Since the very get-go, the premise behind Cowboy or Western Action Shooting competition has been the usage of single-action (SA) revolvers. The oldest organization associated with this sport is the Single Action Shooting Society (SASS) and the name itself is indicative of the handgun that must be used in all main-match stages. The trigger-cocking or double-action revolver is limited to side matches and are primarily for concealable “pocket pistols” like the small hinged-frame models. Another well-known western action shooting group, the National Congress of Old West Shootists (NCOWS) does not restrict the type of main-match revolver used, but specifies that the handgun or reproduction thereof, “…be original to the period or authentic reproductions of original makes and models.” This regulation opens up some interesting possibilities for other handguns used during the era of the Old West.
Double-action revolvers came on the scene during the cap & ball or percussion period as evidenced by such six-guns as the American Starr or British Adams six-guns. In Europe, DA revolvers using self-contained pinfire cartridges became popular and in the U.S. and a number of small and larger-sized wheelguns began to make an appearance in the 1870’s. In 1878 Colt introduced two full-sized DA revolvers in .38 and .41 calibers called the Lightening and Thunderer. They were based on the design of the Single Action Army revolver, but had a DA mechanism.
The action proved to be somewhat complicated and delicate, which had a negative effect on their popularity. Later in 1878, Colt brought out a similar, but larger model called the Frontier DA that chambered more powerful cartridges like the .44 WCF (.44-40) and .45 Colt. A variation called the 1902 Army Model was bought by the government in .45 Colt to send to the Philippines to help subdue Moro tribesmen. These handguns were slow to load like the SAA, taking a definite backseat to the hinged-frame revolvers that when broken open simultaneously ejected all the empty cartridge cases, leaving the breech end of the cylinder open for reloading.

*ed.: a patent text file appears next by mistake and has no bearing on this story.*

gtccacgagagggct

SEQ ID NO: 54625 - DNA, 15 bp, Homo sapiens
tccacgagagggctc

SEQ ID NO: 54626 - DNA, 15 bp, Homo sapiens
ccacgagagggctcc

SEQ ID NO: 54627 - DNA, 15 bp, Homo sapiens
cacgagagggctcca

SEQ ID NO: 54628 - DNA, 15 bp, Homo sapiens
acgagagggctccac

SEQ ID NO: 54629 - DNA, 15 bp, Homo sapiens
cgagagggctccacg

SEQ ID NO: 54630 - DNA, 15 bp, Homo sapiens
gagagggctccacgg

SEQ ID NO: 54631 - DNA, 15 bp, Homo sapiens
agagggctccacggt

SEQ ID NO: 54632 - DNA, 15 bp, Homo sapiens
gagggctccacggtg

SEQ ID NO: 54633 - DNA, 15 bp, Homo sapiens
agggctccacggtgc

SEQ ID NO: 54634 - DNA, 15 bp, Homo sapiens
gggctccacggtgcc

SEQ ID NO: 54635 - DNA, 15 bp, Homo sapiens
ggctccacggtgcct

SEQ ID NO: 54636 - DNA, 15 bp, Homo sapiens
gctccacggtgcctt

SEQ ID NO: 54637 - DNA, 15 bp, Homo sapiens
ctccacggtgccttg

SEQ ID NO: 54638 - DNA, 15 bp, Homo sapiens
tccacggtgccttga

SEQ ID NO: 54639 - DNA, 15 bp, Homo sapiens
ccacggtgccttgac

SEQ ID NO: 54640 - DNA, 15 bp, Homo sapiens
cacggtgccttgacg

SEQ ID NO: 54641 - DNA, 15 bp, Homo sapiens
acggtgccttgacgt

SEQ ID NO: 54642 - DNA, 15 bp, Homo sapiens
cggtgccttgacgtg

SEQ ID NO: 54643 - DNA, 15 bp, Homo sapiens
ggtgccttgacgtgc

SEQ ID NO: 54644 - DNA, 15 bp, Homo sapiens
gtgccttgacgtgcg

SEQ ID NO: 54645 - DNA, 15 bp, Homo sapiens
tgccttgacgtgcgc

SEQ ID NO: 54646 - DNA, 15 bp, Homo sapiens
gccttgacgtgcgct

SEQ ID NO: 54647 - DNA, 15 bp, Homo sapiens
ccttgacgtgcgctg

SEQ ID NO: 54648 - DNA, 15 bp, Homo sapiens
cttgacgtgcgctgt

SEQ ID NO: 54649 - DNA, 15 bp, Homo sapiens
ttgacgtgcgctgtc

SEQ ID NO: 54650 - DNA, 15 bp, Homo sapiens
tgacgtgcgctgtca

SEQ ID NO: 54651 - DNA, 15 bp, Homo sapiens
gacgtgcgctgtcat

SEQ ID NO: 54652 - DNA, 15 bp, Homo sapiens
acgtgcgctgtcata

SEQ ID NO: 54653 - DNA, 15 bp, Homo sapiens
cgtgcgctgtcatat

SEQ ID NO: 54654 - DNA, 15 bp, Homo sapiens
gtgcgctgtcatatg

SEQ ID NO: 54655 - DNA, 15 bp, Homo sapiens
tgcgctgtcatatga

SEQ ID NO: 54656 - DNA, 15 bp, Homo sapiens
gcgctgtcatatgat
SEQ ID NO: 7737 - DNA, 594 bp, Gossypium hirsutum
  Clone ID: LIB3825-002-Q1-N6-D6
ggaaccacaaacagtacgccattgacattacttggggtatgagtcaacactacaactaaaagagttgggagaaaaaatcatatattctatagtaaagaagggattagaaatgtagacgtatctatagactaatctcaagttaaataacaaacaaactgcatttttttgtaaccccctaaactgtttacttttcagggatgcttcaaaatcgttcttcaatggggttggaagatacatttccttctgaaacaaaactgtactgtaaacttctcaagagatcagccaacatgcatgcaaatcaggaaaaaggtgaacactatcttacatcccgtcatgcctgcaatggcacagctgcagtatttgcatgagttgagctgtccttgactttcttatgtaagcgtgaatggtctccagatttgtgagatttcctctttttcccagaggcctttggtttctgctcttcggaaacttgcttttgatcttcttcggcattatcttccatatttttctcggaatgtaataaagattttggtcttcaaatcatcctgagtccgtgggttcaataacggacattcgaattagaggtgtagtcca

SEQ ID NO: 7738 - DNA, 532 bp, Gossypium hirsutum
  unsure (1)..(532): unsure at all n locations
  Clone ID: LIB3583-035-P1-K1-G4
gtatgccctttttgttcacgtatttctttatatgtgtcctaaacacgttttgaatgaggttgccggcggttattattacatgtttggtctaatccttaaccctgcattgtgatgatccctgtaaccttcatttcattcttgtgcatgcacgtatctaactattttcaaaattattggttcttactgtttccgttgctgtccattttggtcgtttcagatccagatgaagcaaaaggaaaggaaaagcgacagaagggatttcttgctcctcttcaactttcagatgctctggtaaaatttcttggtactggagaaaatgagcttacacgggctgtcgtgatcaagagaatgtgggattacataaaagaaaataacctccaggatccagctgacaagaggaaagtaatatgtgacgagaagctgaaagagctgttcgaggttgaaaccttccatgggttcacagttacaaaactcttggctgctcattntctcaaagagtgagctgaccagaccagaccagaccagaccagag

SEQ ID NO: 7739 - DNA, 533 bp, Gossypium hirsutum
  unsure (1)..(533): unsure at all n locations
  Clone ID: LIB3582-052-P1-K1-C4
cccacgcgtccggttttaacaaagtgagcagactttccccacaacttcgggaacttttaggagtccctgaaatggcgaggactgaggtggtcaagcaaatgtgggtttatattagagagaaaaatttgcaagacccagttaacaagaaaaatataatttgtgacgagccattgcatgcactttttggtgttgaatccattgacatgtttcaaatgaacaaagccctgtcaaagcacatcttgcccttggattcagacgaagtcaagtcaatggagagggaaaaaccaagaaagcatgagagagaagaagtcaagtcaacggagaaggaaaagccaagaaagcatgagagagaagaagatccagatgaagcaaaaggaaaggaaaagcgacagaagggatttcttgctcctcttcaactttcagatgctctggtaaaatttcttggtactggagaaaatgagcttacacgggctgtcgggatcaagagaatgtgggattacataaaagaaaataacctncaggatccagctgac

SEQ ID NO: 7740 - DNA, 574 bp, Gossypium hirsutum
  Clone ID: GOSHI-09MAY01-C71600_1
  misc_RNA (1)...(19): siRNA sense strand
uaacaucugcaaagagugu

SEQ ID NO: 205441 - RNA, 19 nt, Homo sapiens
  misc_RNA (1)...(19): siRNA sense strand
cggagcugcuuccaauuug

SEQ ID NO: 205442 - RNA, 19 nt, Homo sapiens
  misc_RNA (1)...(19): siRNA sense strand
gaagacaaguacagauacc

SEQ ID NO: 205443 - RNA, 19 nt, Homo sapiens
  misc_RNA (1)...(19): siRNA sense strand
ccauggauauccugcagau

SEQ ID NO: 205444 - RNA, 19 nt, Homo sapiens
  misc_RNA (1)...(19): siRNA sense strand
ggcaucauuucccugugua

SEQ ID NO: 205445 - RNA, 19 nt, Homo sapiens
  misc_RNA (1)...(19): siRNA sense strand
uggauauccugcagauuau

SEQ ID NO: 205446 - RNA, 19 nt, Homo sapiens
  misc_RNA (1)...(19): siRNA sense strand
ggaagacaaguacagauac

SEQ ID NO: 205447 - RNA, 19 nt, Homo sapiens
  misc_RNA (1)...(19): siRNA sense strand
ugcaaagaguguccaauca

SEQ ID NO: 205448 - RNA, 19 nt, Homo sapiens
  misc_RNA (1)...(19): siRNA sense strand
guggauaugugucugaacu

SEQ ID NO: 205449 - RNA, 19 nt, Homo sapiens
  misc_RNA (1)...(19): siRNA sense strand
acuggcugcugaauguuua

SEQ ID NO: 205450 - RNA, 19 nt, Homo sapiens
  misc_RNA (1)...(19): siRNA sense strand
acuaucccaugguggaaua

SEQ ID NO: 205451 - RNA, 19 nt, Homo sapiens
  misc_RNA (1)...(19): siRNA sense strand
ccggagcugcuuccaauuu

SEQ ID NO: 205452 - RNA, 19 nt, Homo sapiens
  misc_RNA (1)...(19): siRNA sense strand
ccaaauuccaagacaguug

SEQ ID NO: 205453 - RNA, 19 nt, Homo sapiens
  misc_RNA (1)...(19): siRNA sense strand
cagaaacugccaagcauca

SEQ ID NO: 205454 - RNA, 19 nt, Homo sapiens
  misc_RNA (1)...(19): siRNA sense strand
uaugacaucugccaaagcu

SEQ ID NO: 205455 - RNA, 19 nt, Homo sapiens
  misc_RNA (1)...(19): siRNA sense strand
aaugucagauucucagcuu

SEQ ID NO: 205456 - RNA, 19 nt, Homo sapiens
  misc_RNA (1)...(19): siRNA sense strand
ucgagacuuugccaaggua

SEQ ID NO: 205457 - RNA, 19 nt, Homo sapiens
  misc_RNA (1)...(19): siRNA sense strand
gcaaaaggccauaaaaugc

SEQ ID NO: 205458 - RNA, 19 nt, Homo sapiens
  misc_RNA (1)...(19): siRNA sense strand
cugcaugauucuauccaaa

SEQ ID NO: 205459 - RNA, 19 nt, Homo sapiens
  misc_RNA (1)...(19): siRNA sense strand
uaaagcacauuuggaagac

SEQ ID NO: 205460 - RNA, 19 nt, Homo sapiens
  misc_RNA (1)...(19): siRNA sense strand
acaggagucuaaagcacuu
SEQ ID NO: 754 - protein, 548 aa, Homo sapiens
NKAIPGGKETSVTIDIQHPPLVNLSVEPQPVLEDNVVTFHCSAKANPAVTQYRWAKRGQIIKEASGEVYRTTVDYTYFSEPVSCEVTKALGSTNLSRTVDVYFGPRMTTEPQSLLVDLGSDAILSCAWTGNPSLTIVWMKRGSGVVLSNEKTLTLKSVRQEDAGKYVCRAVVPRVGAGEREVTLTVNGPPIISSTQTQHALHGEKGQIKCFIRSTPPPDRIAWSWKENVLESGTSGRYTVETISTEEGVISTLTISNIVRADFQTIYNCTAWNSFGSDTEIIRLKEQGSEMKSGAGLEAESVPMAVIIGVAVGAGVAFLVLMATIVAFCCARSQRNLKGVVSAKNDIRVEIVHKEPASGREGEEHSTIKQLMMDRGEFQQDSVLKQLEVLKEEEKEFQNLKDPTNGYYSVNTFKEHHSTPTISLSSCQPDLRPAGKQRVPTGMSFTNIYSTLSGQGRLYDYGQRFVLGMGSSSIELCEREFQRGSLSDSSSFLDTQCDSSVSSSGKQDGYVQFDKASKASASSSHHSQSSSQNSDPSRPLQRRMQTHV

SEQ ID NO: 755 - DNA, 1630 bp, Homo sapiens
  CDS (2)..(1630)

In 1889 Colt developed a new system for revolver loading/unloading that used a swing-out cylinder. Operation of the system required a latch on the left side of the frame to be pulled rearward, unlocking the cylinder and allowing it to swing out to the left on a crane or yoke. An ejector rod could then be pushed rearward, extracting and ejecting empty brass and leaving the cylinder ready for reloading. Once this was accomplished, the cylinder was swung back up into the frame where it locked back into position ready to fire. At the time, the American military was looking for a new revolver to replace the SAA. Taking a cue from the Continental European armed forces, the chosen handgun would be smaller and lighter than the current service sidearm and would shoot a medium-caliber cartridge. Colt again answered the challenge with the Model 1892, a medium frame, 6-inch barrel, swing-out cylinder, DA six-gun in .38 Long Colt.